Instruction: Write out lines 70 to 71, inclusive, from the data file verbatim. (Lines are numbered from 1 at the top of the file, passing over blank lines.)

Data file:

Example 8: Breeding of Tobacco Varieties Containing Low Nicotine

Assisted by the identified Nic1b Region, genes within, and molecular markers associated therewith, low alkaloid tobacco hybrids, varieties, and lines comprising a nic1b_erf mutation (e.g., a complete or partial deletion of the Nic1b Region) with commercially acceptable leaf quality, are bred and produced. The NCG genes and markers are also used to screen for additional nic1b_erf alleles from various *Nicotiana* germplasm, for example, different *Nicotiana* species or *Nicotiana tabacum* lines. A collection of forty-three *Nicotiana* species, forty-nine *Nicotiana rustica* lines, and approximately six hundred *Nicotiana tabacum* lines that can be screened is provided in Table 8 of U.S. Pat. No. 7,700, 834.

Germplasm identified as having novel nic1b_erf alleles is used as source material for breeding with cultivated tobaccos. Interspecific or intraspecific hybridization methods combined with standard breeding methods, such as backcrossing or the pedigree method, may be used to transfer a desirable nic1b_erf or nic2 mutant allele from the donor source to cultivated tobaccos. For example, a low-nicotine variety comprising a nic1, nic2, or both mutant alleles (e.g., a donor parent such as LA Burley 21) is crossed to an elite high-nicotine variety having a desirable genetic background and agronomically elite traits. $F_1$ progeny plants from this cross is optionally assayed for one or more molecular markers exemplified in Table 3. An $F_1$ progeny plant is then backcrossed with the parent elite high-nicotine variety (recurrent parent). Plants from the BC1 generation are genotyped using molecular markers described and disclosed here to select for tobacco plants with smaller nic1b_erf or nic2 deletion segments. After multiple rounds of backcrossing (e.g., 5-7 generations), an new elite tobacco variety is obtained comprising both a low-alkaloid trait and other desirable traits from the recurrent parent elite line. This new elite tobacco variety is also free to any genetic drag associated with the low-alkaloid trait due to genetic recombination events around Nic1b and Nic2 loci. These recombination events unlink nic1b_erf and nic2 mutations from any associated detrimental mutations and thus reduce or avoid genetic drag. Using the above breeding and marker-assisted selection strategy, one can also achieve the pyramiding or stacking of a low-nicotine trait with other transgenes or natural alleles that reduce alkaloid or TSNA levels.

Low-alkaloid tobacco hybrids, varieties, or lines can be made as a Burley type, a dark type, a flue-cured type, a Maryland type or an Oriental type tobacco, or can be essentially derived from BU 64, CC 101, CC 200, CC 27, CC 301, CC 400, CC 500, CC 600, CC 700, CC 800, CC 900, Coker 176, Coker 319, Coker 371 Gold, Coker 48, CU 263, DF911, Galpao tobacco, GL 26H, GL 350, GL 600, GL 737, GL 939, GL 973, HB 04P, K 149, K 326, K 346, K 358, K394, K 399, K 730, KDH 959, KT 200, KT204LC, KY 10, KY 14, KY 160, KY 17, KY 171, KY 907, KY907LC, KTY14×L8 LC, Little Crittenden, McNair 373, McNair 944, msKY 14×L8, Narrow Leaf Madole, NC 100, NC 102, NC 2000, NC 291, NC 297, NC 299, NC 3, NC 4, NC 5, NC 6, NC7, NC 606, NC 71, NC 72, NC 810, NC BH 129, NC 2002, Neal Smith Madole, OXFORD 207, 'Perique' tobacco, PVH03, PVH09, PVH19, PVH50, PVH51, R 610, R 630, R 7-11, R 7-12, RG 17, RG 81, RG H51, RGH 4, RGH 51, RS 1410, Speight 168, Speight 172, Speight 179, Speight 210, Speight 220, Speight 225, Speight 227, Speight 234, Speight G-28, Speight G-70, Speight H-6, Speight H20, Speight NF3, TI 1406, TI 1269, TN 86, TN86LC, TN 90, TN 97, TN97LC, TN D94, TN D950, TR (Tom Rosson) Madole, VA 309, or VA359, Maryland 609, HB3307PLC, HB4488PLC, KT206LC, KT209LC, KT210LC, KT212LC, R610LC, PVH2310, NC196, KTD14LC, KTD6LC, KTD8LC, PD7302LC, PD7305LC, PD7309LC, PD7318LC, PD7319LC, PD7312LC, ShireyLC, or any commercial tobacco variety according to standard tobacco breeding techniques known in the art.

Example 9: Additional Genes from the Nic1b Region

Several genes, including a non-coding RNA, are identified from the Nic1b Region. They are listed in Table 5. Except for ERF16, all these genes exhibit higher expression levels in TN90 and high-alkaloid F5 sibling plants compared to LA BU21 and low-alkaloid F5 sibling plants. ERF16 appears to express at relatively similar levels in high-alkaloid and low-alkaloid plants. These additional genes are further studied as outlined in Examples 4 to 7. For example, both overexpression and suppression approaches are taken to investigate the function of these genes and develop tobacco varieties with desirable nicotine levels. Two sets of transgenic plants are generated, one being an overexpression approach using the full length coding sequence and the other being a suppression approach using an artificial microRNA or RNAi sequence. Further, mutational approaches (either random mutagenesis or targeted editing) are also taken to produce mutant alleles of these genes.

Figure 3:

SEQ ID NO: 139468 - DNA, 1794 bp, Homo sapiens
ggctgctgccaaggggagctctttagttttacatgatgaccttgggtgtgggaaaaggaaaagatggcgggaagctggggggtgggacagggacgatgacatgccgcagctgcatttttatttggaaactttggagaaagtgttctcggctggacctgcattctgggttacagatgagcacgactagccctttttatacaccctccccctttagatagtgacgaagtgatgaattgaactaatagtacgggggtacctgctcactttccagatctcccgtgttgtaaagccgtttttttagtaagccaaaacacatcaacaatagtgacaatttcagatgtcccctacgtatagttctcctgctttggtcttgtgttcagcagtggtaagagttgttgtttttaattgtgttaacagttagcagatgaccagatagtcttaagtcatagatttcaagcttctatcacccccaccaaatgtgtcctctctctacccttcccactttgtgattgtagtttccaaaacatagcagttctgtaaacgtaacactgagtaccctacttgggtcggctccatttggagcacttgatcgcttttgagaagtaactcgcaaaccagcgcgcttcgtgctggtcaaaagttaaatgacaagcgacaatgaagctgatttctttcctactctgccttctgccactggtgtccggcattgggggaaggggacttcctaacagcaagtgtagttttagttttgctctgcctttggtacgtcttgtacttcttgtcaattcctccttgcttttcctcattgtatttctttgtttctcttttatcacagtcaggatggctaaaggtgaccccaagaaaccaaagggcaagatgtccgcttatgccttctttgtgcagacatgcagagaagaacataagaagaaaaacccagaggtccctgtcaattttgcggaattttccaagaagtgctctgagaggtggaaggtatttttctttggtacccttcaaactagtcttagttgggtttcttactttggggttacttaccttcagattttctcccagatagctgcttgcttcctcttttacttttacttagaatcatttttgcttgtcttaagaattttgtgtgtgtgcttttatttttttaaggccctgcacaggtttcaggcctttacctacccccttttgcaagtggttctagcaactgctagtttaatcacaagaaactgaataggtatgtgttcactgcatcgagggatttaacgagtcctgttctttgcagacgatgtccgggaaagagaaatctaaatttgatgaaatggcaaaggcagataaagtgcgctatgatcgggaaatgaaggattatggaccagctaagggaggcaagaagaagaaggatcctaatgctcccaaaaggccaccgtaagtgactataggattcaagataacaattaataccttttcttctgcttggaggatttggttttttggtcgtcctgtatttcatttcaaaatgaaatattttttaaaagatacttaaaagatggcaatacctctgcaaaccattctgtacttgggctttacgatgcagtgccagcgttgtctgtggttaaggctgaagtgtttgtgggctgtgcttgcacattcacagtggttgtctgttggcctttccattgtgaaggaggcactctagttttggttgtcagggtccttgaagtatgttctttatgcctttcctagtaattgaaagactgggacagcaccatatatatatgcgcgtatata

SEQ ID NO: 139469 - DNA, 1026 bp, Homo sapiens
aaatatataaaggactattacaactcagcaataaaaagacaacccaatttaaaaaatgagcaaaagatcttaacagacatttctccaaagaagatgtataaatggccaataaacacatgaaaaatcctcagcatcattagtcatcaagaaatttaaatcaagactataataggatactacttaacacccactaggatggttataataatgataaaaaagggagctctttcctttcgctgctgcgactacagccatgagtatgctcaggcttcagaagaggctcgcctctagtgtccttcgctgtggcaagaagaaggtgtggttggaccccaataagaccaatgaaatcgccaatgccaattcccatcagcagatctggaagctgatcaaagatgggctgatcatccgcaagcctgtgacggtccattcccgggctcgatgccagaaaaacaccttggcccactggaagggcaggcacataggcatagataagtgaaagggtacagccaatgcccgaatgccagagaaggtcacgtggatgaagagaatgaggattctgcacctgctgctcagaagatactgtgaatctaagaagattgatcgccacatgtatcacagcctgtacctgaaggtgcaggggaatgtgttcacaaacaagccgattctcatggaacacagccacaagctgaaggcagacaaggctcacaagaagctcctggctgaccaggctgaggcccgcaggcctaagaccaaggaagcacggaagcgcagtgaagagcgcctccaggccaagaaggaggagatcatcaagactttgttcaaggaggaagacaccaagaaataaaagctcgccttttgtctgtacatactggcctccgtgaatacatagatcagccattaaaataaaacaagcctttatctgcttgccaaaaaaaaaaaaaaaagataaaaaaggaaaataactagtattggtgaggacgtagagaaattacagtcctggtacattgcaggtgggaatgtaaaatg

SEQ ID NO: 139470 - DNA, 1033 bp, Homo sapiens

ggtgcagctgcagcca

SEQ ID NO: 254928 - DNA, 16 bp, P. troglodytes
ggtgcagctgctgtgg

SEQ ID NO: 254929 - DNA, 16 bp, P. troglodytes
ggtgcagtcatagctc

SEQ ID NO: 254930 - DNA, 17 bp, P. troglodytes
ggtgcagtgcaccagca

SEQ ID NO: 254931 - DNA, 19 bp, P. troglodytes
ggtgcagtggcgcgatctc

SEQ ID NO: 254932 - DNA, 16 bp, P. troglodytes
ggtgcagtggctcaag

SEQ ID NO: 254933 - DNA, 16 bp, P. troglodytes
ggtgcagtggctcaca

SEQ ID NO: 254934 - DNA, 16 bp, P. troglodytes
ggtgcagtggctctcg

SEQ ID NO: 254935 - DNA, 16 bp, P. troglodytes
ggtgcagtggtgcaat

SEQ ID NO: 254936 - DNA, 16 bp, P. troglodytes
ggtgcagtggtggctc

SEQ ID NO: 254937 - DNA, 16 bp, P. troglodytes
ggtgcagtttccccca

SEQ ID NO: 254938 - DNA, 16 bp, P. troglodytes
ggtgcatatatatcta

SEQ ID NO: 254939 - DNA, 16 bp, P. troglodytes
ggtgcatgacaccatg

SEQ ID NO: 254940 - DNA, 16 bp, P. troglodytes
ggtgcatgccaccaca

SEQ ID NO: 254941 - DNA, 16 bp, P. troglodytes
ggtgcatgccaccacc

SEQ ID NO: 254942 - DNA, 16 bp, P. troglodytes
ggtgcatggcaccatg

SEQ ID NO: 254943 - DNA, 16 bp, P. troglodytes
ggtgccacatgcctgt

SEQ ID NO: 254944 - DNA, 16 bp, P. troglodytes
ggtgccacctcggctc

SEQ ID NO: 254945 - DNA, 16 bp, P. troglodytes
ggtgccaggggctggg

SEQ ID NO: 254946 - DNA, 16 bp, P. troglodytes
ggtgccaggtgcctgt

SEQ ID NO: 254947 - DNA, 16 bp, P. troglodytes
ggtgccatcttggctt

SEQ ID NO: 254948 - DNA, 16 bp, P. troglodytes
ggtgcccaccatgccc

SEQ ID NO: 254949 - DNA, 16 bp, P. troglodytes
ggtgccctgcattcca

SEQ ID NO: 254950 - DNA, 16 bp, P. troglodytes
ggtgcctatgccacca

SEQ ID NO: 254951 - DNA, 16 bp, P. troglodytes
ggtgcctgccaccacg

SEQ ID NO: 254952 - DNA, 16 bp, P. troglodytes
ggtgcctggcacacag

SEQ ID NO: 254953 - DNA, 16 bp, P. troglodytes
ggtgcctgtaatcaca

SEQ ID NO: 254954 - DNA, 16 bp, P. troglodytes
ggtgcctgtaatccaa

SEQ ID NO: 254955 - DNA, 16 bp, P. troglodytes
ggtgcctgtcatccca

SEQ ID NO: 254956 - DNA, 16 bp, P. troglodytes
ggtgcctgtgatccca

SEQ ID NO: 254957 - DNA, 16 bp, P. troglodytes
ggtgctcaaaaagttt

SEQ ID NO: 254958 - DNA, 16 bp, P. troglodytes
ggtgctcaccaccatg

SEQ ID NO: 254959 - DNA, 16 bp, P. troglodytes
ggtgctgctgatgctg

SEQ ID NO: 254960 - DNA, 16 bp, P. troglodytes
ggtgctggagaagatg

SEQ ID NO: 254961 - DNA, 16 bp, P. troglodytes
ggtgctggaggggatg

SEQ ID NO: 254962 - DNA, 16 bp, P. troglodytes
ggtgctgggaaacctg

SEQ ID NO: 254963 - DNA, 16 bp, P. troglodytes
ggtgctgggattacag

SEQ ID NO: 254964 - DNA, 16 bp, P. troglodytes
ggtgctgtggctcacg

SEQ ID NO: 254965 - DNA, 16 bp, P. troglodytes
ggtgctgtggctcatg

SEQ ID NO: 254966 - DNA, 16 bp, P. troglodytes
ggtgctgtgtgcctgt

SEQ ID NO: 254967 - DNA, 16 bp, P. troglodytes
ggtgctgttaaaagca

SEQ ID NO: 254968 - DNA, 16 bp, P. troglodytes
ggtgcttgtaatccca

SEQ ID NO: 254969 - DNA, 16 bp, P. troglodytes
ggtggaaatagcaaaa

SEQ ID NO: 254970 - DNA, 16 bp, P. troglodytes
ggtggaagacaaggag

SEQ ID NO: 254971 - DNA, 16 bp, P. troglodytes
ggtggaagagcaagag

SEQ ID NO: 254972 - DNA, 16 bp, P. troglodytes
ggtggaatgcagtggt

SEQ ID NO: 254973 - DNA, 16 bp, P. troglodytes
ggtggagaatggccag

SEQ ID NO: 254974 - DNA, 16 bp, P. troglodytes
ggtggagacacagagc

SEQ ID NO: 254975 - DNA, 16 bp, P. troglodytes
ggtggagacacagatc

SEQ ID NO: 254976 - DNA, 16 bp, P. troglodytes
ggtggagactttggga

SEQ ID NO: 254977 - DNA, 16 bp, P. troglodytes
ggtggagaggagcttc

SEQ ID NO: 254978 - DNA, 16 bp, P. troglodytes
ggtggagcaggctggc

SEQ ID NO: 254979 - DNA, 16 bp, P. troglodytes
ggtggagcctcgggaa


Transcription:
SEQ ID NO: 254956 - DNA, 16 bp, P. troglodytes
ggtgcctgtgatccca